And both are at least a little right – killing one person doesn’t kill any other person, even if they share an identity, but both really do seem to have a good claim to identify themself as the person who stepped into the copier. They’ll diverge away from each other rapidly, but that doesn’t give us a good footing to declare one more real than the other.

    For my money, if I were copied, I’d have to consider both of the resulting people to be ‘me’ to the same degree as I am the same ‘me’ as went to bed last night, and yet I can only personally be one of the potentially several me’s. I’ll always be the ‘mestuck n a silly mortal rmmeat bbrain, even if there is also a ‘me’ roaming free in cyberspace-immortality-land.

    Apologies for any uncaught typos, typing this from a phone has been a torturous experience – it refusrs to match the input box width to the screen width so half the time I’m typing blind, and occasionally it reverts about a second. worth of typing before deciding to snap back to showing whatever edit I made before, so if i type something then delete it, it briefly pretends I didn’t delete it, waits for me to try to delete it again, then catches up and deletes a chunk of the word before.

  167. jack lecou says

    EXACTLY Jack, that’s why you’re now DEAD.
    Unless you can explain how a different physical object with an implanted copy of your memories becomes the same consciousness as YOU, unless you can explain how killing your brain and letting a copy live means your do NOT “go to sleep and never wake up,” unless you can explain how that is compatible with TWO of you being around if the original is not destroyed, then YOU are presupposing something metaphysical.

    Let me try to come at this another way. To start with, phrases like “you’re dead” are actually kind of problematic. It implies that “I” am out there experiencing “death” somehow.

    One cannot experience death. In a sense, “I”never will die – assuming I see it coming, then I will experience some situation that seems pretty grim, and then maybe a dimming of vision and loss of consciousness. Than I won’t be.

    I’m just a meat machine, humming along. The “I” is some kind of illusion created inside that meat as neurons fire and ions wander around bumping into stuff. It’s just what happens when the meat gears are arranged on particular pegs and turn in particular ways. One day something is going to get a little too far out of tolerance, and the gears will stop. “I” will stop. I’ll stop experiencing, and the information in my brain will rot away.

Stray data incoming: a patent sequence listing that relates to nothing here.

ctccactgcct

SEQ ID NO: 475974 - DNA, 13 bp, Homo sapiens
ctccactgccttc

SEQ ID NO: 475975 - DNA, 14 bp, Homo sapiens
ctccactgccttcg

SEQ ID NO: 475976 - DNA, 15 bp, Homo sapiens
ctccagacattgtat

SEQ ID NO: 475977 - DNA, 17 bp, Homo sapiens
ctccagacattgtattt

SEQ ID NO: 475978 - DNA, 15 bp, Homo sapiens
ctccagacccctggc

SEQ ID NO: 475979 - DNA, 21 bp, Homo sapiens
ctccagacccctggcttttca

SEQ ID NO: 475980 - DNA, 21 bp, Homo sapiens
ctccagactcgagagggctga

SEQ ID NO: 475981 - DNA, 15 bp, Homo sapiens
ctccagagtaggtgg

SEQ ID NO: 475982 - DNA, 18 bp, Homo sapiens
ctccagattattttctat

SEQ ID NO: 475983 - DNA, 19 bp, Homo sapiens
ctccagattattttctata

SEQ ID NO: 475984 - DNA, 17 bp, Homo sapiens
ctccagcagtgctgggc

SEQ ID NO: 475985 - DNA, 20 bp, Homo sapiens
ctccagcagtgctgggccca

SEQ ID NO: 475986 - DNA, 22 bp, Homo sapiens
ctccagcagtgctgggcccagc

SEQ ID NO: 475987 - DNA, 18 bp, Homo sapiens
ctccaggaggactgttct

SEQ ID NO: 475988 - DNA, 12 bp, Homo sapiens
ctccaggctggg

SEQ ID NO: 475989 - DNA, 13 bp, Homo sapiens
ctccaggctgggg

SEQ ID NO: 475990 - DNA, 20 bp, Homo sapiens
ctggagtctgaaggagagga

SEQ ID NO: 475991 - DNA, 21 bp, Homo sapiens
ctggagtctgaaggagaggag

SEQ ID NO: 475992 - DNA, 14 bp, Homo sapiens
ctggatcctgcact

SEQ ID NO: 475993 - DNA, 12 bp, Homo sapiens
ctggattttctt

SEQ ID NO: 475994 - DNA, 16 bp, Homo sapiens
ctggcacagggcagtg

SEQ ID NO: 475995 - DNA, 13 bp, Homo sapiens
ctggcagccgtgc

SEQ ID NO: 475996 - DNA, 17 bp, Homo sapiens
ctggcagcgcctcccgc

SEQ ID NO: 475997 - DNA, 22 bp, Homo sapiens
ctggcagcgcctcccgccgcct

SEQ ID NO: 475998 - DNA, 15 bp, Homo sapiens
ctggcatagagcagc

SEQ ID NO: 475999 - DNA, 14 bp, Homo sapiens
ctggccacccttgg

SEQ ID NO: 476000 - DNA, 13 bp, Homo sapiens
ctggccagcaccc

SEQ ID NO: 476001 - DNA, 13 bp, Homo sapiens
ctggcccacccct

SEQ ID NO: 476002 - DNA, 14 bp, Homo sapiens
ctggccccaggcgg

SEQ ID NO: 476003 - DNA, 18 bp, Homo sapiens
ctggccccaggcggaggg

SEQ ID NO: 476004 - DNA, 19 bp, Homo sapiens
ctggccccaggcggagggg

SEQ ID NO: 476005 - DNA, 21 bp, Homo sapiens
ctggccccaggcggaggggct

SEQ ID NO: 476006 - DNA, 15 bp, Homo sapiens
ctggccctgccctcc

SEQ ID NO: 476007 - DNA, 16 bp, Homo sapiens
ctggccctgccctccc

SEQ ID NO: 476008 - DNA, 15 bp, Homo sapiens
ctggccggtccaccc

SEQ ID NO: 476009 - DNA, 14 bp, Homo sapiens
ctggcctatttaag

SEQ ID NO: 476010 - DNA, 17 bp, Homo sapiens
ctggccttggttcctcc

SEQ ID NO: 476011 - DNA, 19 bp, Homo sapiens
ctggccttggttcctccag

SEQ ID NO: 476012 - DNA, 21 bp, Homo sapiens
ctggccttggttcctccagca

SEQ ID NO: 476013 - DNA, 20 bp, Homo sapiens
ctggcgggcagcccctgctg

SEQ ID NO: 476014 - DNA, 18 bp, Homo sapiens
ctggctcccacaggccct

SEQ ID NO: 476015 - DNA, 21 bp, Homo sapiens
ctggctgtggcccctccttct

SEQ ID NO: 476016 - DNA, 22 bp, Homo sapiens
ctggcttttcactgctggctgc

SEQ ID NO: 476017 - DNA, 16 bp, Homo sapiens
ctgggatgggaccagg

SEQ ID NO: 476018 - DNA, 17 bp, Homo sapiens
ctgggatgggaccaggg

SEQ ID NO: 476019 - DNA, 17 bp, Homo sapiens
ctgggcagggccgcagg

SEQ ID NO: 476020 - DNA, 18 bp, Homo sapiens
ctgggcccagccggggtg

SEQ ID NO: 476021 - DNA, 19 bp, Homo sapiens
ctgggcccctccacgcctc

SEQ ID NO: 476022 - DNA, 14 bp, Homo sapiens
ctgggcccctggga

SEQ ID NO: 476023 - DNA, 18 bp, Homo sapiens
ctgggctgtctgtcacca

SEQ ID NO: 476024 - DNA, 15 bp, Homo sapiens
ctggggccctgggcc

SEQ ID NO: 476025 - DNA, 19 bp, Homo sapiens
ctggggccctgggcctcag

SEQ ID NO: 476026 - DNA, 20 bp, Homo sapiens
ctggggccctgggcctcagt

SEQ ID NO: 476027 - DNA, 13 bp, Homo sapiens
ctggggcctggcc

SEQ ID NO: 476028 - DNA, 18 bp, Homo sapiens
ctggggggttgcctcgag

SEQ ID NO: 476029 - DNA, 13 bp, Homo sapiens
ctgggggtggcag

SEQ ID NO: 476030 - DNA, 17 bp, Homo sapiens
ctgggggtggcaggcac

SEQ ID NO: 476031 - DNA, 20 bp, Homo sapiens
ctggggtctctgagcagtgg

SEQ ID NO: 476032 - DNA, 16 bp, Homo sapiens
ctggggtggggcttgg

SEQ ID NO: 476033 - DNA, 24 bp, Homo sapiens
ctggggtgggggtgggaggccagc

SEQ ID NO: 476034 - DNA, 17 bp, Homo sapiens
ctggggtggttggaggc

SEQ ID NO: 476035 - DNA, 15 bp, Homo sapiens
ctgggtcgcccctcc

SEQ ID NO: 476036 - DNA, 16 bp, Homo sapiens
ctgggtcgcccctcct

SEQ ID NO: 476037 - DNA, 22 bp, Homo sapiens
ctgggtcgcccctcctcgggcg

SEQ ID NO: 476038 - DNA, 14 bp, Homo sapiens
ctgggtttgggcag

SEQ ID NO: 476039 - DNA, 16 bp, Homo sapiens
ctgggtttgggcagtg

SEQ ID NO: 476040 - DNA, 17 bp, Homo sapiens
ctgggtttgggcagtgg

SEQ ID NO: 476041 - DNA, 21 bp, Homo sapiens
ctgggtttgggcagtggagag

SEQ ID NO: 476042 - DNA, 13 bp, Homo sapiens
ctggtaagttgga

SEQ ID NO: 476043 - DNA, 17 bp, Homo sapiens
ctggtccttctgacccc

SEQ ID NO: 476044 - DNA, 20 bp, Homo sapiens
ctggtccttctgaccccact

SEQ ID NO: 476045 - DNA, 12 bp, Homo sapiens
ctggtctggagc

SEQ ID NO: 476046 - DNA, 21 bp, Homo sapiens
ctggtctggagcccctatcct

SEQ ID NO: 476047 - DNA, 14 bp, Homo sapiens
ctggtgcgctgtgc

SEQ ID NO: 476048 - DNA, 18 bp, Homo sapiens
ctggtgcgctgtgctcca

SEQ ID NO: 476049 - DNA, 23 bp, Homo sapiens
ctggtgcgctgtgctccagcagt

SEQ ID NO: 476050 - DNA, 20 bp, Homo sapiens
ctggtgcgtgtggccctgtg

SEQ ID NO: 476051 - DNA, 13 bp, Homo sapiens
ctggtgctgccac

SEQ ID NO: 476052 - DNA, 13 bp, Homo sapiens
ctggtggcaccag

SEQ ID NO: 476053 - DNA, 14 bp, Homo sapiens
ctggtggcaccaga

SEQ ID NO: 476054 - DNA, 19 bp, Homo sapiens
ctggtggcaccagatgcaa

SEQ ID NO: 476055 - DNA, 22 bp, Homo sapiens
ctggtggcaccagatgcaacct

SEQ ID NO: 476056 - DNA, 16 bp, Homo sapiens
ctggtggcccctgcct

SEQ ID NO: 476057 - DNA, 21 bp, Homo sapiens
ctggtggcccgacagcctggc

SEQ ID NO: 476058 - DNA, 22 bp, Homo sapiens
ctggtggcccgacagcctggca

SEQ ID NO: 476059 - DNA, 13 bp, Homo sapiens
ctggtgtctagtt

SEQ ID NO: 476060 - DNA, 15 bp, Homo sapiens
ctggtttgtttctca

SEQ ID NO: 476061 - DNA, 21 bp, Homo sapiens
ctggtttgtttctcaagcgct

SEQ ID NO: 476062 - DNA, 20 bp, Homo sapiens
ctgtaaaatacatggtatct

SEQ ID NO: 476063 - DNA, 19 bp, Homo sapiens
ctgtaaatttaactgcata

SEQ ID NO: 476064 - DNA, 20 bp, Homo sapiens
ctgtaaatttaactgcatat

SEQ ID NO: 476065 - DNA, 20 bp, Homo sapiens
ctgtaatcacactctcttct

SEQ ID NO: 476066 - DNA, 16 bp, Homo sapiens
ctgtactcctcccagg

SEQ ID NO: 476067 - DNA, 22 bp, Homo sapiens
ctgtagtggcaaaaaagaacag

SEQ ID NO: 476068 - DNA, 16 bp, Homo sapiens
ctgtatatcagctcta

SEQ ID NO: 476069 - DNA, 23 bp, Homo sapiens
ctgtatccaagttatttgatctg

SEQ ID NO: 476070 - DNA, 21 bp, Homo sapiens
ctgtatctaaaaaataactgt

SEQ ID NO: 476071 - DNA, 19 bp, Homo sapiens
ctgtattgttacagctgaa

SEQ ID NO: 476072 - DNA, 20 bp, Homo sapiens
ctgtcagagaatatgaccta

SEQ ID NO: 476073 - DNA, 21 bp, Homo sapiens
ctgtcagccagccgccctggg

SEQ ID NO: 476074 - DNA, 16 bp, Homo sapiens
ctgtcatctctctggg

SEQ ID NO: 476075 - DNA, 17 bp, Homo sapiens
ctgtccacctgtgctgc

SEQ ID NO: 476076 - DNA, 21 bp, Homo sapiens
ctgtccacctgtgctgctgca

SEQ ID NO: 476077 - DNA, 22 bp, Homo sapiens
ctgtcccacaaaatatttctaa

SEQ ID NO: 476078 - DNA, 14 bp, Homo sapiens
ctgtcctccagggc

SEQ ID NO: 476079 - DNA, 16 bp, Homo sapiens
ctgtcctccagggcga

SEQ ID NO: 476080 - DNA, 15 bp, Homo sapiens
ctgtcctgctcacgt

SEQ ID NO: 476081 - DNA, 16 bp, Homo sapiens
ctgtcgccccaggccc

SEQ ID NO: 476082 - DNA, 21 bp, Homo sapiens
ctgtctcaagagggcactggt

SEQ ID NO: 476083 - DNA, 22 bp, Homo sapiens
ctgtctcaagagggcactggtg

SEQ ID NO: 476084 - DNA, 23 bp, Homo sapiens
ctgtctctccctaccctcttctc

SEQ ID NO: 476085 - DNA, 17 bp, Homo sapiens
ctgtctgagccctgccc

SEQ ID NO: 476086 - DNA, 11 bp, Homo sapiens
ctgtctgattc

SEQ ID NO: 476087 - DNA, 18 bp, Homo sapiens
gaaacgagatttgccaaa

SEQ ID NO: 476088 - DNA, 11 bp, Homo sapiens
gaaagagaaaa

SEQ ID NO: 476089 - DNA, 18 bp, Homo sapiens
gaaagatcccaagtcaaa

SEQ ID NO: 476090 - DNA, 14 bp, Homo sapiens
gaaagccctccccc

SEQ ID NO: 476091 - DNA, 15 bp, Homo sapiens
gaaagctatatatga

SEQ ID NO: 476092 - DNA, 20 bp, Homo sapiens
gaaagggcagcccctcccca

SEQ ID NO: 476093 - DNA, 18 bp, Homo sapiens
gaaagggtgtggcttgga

There is nothing spooky about this. It’s not really fundamentally different from what happens when a lightbulb filament breaks, or pocket watch gets dropped and falls into a hundred pieces. Just another machine that has worn out or broken. A squishy, complicated one, but still a machine.

    Of course, with a pocket watch, one can pick up the pieces, put them back together, wind it up again, and have the gears turn and mesh in the same old way. If the meshing of the watch’s gears was complicated enough to produced the same kind of consciousness side effect the meshing of my squishier gears does, maybe it would have some thoughts about this.

    And here’s the thing. If I drop the watch, then pick it up and put the pieces together again, those little hypothetical clockwork thoughts would start up in exactly the same spot again, ticking out from the same little gears.

    And if I stop the watch, take it apart, take measurements off all the gears and springs and machine a brand new watch, when I put it back together, the little clockwork thoughts of the second watch will start up in the same place.

    And when I put the first watch back together, it’s little thoughts will start there too. And if I take it apart again, it’s thoughts will stop, but the thoughts of the first watch will continue along in the same way it’s would have.

    Are these the same little clockwork thoughts? All I have to offer you is a big shrug. They’re not happening on the same watch, but they’re the same thoughts.

    Is the first watch “dead”? Big shrug. It’s little gears aren’t turning, so it doesn’t really care. It’s not having any thoughts on that matter or anything else. Yet the thoughts it would have had had it not been disassembled keep on getting ticked out on another set of gears by the other watch.

    You and Consciousness Razor keep making a fuss about the first watch not ticking anymore. But I just don’t see anything spooky about it. There is nothing magical about the continuity of exactly the same gears or watch. You can stop the gears and then start them back up again. (Our consciousness gets interrupted all the time.) You can take them apart. Replace some of them. Put them back together. Copy them. As long as the gears have the right number of teeth and are put together in the right way, they’re going to mesh out the same little thoughts.